A leading global bank will suffer a hack of the size and severity experienced by Equifax at some point, the founder of the most highly valued venture-backed cyber security startup has warned.
“If you take the top 100 banks they all have a similar scale of data as Equifax,” Orion Hindawi, the founder and chief executive of Tanium, told City A.M..
“Most of them are doing a better and better job, every week. I really am seeing a huge amount of energy being put into this, but one of them isn’t going to do a great job. And if it [data] is not segmented in a way that separates it, if it’s not encrypted correctly, you end up in a situation with the potential for a massive, massive data loss.”
Read more: Massive hack at Equifax exposes personal data of Brits and 143m Americans
The personal data of 143m Americans – more than 40 per cent of the US population – was breached by hackers the credit reporting giant revealed last week. It’s one of the most serious breaches ever seen and was yesterday called “one of the most egregious examples of corporate malfeasance since Enron” by US Senate Democratic leader Chuck Schumer.
Hindawi, whose firm counts 12 of the top 15 US banks among its customers and Lloyds and Barclays in the UK, warned that the sheer scale of banks’ systems means the threat of an attack can never be fully mitigated, but the severity and frequency can.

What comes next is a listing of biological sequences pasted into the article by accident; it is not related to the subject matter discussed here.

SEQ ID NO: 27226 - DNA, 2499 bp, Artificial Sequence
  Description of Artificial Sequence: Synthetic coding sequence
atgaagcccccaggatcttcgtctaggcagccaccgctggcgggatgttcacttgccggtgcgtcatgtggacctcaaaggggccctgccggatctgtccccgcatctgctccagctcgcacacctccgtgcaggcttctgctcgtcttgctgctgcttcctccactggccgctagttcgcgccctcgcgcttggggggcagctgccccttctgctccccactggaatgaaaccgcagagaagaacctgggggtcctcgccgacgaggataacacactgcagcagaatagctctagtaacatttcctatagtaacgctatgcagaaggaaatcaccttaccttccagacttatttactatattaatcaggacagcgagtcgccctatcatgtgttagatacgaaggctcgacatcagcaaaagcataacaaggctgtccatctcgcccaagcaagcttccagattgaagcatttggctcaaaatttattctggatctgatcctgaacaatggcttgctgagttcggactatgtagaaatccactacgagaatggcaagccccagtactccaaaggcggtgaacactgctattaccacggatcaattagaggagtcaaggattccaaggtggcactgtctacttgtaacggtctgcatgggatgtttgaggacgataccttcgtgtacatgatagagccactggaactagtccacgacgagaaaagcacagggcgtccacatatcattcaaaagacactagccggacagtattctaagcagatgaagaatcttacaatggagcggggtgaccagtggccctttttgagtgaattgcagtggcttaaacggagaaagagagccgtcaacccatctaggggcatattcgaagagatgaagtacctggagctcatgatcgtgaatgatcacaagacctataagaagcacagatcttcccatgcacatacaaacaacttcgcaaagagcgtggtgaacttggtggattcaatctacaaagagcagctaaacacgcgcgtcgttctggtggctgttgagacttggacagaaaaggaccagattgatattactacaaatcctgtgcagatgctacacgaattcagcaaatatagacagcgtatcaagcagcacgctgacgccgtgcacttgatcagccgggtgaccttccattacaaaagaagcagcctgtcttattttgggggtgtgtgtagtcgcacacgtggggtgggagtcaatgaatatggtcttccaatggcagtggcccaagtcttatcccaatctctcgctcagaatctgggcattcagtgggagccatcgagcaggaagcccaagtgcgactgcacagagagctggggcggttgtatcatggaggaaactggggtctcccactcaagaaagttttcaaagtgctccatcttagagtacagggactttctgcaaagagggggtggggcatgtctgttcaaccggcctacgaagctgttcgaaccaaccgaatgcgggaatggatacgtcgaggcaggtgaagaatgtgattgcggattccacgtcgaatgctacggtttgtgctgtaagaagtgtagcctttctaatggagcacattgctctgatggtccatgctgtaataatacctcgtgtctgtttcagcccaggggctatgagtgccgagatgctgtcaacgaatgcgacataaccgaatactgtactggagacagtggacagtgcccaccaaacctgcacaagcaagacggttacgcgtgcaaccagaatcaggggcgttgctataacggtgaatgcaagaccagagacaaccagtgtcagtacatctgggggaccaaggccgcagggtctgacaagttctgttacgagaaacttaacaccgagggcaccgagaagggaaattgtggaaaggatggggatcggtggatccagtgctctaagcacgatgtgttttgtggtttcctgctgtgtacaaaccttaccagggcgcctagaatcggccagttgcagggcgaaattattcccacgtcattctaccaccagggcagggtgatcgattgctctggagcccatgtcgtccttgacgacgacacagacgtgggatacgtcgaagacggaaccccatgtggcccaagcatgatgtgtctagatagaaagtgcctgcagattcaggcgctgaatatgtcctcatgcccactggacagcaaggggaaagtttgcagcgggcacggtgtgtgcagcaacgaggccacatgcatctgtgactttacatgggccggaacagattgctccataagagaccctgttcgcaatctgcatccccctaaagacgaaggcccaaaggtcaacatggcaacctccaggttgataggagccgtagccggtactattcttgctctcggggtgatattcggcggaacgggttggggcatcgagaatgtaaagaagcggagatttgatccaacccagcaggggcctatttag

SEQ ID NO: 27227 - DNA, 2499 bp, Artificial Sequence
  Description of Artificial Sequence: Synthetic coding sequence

“I was speaking to a bank chief executive recently and his quote, that really stuck in my mind, was that there are three things that are existentially threatening to a business – meteors, weapons and cyber security. Those are the three things that can end his business today. And he obviously can’t control meteors and nuclear weapons,” he said.
Read more: Two-thirds of FTSE 350 board members lack cyber hack training
“But he’s doubling down and doubling down, but the reality is that it’s an unending problem. There is no perfect solution, so they’re spending hundreds of millions of dollars and they’re still at the place where they’re not sure how much more they need to put in.”
“It’s the frequency and the severity – it’s not binary, going from breaches to no breaches. The reality of the situation is even if you’re 99.9 per cent compliant, there’s always going to be a vector of attack and we just need to make sure that we contain it as much as we can and reduce the frequency.”
The US startup is valued at $3.75bn and is backed by Silicon Valley venture capital firm Andreessen Horowitz and private equity firm TPG. Customers also include Amazon, Nasdaq and the US Department of Defense.